Uncle Bob’s Club General Neurology Fellows

Thanks to the generosity of Uncle Bob’s Club (UBC) and their supporters, aspiring paediatric neurologists can receive the best training to care for Victoria’s sickest children at The Royal Children’s Hospital (RCH). Meet some of the past UBC General Neurology Fellows and learn about how philanthropy helps develop the brightest medical minds.

Dr. Vivek Jain – 2011 Fellow

Dr Vivek Jain was appointed the UBC General Neurology Fellow in 2011. Dr Jain had completed his subspecialty training in paediatric neurology in the United Kingdom (UK) before moving to Melbourne to gain further experience at the RCH.

When did you realise you had an interest in neurology?

I have always found paediatric neurology fascinating and challenging because of the variety of problems that could affect the developing brain of  infants and young children. I realised this specialty had huge potential for development and research during my postgraduate paediatrics training in India. This interest was further strengthened whilst working as a paediatric neurology trainee in the UK.

How did the UBC fellowship help you in your career?

I was able to enhance my clinical skills in diagnosing complex paediatric neurological conditions in  the busy referral centre at the RCH.  This is where I also gained significant exposure and training in paediatric neurology subspecialties like epilepsy and neuromuscular disorders.  I was also able to improve my ability to interpret neurophysiological (EEGs) and neuroradiological (brain scan) investigations. In this way, the UBC fellowship complimented the training I had already received in the UK.

What are you doing currently?

I am working as a Consultant Paediatric Neurologist in Jaipur, North India.

What would you like to say to UBC and their supporters for funding this position?

It was only because of the UBC fellowship grant that I was able to come and train at such a world class Neurology Department. Whenever I see a child come to my hospital from a remote village, I think of how impactful my training was. By learning from my colleagues at the RCH I have developed the knowledge and expertise to treat these children who previously had no other options.

Dr. Kathryn Irving – 2017 Fellow

Dr Kathryn Irving was appointed the UBC General Neurology Fellow in 2017. An accomplished clinician and historian, Kathryn has been working within the RCH Neurology Department for four years and is passionate about supporting children with neurological conditions.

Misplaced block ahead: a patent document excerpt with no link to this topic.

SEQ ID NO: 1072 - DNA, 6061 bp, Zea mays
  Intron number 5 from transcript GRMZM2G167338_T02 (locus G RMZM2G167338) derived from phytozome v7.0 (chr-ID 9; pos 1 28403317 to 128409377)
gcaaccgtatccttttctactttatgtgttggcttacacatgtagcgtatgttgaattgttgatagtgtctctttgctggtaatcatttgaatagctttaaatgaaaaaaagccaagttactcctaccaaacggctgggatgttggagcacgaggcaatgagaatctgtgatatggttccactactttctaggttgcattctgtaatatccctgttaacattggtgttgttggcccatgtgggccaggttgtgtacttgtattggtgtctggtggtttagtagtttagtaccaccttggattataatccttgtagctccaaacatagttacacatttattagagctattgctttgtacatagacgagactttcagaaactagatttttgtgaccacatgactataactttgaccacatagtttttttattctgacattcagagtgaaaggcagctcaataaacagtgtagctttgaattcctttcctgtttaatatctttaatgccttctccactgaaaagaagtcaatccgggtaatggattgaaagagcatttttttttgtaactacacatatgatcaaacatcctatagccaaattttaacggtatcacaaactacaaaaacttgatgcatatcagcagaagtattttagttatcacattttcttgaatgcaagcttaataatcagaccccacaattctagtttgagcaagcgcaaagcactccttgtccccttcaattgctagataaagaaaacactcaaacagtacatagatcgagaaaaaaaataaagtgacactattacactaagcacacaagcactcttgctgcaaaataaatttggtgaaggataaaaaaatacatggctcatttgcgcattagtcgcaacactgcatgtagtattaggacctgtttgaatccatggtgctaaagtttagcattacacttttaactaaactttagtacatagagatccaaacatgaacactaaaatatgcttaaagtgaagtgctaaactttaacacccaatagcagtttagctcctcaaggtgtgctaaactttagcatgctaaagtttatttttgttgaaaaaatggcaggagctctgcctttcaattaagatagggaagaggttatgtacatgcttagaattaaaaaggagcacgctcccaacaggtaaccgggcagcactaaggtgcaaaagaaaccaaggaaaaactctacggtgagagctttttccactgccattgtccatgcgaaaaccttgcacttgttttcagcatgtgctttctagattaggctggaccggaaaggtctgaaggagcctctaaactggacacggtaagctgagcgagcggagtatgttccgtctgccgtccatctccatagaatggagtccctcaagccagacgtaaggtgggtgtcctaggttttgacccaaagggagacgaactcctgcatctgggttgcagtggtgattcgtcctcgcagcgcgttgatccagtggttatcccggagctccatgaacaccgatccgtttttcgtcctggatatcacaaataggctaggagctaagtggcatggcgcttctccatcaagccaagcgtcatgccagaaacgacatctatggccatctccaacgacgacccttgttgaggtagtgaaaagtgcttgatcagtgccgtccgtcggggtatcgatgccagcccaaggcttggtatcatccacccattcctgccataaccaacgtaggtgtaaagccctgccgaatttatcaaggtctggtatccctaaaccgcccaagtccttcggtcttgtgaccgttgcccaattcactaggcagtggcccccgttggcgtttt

When did you realise you had an interest in neurology?

My primary interest was in children with disability and that’s what led me into neurology, this department was a fantastic place to work and for me it just ticks all the boxes: it’s an intellectual challenge especially with diagnosis, and the genetic revolution has played a huge role in neurology, perhaps more so than other fields. The brain is endlessly fascinating and so there is lifelong learning.

How did the UBC fellowship help you in your career?

Being the General Neurology Fellow gave me primary responsibility for caring for children admitted to hospital with neurological conditions. It was an amazing opportunity to learn general neurology from my medical, nursing and allied health colleagues, and I also benefitted from the department’s research and clinical expertise in various sub-fields. Overall, the fellowship helped me build my knowledge and skills in clinical care.

What are you doing currently?

I am currently working as the Rats of Tobruk Epilepsy Neurology Fellow at the RCH, refining my skills in this specialty as I progress towards becoming a qualified paediatric neurologist.

What would you like to say to UBC and their supporters for funding this position?

Uncle Bob’s Club and their supporters are guaranteeing that Victoria is going to have world-class paediatric neurologists in the future and it’s just not possible without these kinds of training and fellowships. Their incredible commitment to the RCH Neurology Department is really inspiring and reminds me that the work that I’m doing is important and valued by the community.